Saturday, October 3, 2009

The Lisbon Treaty

The Lisbon Treaty in the EU finally cleared one of its biggest hurdles today--that set up by the voters of Ireland.

Requiring unanimous approval of the member states of the EU, the Lisbon Treaty was signed by heads of state of all 27 member nations in 2007, and was expected to be in force at the beginning of this year. For all but Ireland, national parliaments rubber-stamped the treaty through (though the Czech and Polish executives had refused to sign the treaty until the Irish passed it--not sure what they've done yet). With the Irish vote done, the treaty is likely only some red tape away from coming into effect.

The Treaty would strengthen the breadth of powers and autonomy of the EU parliament and executive, create tighter central integration, and a whole bunch of other stuff. In reality, it's very similar to the "EU Constitution" which was so summarily rejected by the more nationalist nations of France and Holland before being abandoned entirely. While the Treaty of Lisbon's passing does not actually make Europe one big happy sovereign nation, it does make it pretty darn powerful (they'll even have a single Foreign Minister to represent the "united" EU opinion on foreign policy). It's the kind of treaty that makes an old-school realist sit down and wonder what sovereignty really means.

If the EU holds together and chugs forward, I anticipate some level of "de facto" sovereignty will emerge, even if it is not formalised in the lifetimes of anyone around today. Many of my European friends (with very strong nationalism) would surely want to cut my tongue out for saying such a thing, but I will indeed note that state pride/nationalism in the US was incredibly powerful until after the civil war (if you've seen any of those civil war movies, you see the Confederates holding up state flags and screaming things like "FOR VIRGINIA!"). In fact, while the States of the US did not have formal sovereignty in the Westphalia sense as soon as the Constitution was signed (they essentially retained their sovereignty under the Articles of Confederation by... oh, just go look it up if you don't know), the de-facto erosion of state-level power, autonomy, and semi-sovereignty is obvious in American history. Every time some issue emerges that is pressing enough to worry some majority of the country, the voting public cedes another notch of power to the federal government (though I will remain mum on whether this is or isn't a good idea).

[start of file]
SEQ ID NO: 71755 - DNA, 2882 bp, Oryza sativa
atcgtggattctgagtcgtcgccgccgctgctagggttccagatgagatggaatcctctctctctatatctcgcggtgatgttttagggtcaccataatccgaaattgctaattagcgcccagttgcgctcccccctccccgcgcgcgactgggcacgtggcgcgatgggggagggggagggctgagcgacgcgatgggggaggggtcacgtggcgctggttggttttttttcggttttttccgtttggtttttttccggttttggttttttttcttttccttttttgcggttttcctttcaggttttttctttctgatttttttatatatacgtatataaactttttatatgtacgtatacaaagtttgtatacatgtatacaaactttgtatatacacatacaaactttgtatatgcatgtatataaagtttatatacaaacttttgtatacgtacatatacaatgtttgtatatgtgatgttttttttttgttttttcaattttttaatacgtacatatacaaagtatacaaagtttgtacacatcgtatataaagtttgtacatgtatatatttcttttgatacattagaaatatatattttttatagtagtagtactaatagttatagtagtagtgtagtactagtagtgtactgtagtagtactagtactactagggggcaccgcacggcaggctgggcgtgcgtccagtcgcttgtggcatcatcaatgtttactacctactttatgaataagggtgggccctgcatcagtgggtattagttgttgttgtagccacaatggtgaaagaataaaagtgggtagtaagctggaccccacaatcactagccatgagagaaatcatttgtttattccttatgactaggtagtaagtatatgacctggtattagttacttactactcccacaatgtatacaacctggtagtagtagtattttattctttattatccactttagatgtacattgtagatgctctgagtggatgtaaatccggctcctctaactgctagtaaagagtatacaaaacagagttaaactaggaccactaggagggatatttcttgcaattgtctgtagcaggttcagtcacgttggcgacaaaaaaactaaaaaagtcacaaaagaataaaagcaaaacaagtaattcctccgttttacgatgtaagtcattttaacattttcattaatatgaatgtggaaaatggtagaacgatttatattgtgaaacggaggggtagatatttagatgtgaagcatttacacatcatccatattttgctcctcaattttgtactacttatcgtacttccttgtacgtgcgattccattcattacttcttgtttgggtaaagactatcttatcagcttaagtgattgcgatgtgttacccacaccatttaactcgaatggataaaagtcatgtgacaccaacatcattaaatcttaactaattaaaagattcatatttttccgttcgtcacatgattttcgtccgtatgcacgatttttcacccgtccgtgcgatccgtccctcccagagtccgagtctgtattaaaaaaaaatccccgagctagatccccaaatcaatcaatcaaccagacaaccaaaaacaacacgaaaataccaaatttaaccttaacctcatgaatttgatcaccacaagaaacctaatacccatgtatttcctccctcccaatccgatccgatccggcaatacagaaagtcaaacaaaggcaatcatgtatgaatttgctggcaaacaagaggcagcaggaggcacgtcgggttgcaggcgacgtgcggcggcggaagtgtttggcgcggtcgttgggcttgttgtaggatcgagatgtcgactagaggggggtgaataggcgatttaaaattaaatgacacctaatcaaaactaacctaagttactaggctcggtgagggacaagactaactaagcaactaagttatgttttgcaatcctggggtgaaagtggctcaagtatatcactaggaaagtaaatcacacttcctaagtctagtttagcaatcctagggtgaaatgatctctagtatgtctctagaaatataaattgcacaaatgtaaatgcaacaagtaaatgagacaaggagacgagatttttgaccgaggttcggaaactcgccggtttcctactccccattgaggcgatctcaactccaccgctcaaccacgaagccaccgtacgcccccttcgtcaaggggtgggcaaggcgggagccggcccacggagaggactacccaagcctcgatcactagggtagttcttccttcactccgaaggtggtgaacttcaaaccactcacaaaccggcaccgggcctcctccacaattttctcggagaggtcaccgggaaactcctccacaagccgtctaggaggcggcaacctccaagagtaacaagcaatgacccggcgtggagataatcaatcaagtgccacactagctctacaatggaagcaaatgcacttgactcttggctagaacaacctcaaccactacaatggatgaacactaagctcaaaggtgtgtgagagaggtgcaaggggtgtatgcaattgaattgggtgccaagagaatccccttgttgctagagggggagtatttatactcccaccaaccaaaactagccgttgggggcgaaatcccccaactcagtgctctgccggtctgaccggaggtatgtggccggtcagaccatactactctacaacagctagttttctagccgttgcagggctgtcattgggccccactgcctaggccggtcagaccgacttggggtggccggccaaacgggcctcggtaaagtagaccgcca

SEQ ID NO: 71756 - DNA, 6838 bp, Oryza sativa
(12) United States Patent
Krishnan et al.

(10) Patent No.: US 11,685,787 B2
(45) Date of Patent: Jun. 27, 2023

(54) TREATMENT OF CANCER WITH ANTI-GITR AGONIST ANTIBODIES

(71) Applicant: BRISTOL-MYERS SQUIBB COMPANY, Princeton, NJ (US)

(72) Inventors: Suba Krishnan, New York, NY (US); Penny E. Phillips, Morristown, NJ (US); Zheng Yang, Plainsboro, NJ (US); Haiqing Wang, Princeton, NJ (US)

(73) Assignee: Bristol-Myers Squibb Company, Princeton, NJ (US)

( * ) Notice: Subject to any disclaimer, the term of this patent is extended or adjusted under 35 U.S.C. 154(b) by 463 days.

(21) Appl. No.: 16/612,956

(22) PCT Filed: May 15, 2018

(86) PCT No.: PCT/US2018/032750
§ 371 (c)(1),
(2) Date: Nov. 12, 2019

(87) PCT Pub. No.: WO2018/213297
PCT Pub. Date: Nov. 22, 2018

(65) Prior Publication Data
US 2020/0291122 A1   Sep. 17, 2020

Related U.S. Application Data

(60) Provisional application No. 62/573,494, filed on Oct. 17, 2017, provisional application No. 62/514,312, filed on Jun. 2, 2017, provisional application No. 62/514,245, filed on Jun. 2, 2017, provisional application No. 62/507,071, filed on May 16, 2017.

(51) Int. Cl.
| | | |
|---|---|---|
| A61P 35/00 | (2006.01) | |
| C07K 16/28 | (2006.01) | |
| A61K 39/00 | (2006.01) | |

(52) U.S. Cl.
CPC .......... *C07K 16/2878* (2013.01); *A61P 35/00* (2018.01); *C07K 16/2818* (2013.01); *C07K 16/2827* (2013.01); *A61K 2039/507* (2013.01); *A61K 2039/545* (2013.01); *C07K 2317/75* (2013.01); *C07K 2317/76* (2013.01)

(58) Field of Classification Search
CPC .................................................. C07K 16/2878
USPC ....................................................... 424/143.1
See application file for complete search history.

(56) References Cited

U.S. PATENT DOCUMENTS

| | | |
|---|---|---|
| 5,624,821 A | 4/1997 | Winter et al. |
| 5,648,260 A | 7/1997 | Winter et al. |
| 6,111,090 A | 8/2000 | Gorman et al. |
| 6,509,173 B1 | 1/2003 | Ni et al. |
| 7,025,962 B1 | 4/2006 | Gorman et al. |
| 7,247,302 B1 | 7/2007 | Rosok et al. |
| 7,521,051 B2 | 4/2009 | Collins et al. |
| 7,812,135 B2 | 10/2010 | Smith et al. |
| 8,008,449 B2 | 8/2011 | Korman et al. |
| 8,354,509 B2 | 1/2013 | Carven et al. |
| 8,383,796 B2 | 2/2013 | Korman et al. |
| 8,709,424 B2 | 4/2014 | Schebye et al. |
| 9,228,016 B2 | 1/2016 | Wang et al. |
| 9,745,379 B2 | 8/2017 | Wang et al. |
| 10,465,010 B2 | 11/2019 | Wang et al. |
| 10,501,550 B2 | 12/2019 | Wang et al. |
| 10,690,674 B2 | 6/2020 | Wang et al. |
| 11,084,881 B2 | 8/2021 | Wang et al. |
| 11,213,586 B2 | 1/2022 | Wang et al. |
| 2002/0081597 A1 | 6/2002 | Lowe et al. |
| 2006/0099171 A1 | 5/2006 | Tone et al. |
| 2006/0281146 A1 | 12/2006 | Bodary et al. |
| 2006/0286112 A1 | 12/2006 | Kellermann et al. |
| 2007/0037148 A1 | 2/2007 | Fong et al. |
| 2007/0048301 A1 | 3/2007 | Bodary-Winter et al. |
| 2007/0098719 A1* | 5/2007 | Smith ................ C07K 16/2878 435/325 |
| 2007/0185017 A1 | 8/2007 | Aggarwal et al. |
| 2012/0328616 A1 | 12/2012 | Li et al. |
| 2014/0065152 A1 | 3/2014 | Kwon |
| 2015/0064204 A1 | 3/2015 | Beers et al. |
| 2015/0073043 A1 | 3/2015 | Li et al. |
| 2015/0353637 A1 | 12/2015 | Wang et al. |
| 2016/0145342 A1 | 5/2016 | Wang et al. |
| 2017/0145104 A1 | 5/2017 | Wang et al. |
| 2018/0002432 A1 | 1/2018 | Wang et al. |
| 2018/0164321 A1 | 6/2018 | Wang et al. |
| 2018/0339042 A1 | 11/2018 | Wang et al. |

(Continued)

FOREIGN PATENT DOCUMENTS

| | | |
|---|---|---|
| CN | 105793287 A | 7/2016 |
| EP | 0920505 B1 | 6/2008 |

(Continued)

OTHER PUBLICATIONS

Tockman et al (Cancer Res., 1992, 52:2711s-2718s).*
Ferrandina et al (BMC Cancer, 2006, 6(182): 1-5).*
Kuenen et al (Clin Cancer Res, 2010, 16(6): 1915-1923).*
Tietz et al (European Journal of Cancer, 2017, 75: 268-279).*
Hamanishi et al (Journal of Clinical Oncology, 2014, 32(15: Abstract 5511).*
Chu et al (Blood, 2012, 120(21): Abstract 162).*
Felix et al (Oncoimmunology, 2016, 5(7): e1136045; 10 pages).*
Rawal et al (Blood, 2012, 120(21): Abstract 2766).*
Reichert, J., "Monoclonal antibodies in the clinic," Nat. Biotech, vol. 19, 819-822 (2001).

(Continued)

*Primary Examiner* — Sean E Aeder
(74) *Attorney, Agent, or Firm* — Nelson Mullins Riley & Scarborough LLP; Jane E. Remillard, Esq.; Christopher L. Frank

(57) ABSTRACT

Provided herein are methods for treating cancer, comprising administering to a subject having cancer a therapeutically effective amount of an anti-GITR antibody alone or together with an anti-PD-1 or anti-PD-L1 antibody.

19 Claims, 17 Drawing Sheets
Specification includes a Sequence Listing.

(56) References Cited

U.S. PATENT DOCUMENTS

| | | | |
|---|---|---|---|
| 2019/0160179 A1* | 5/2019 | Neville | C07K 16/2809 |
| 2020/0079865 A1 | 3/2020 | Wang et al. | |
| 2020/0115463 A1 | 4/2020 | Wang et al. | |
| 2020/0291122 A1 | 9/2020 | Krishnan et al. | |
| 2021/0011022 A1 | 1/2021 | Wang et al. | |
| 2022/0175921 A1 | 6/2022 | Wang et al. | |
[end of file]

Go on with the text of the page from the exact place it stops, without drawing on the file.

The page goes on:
My point is that the creation of a centralized confederation for all of Europe is similar enough to the confederation of the American states that I think a somewhat similar process of growth of central power is relatively inevitable unless the formalized central system is reversed, and quickly (which is highly unlikely).

I believe, though, that the situation is more likely to be reversible than in the US, and I believe that Russia has the potential to cause it. Like George Friedman (by the way: go read The Next 100 Years), I believe that the nations of Europe have such a vast discrepancy of fears and misgiving's about Russia's potential behavior and future that its expansion and aggression is more likely to drive a wedge between European countries rather than unite them. If Western Europe does indeed abandon the East in order to keep the oil and gas flowing, then NATO will become defunct, as will any faint illusion of collective defense in Europe under the umbrella of the EU. And then, expect some action.

But until that hypothetical arises, expect the EU to be a rather happy-go-lucky place for a while. Maybe (just maybe) it will become a more assertive and significant player in world affairs, after a 50-year post-world war II hiatus.
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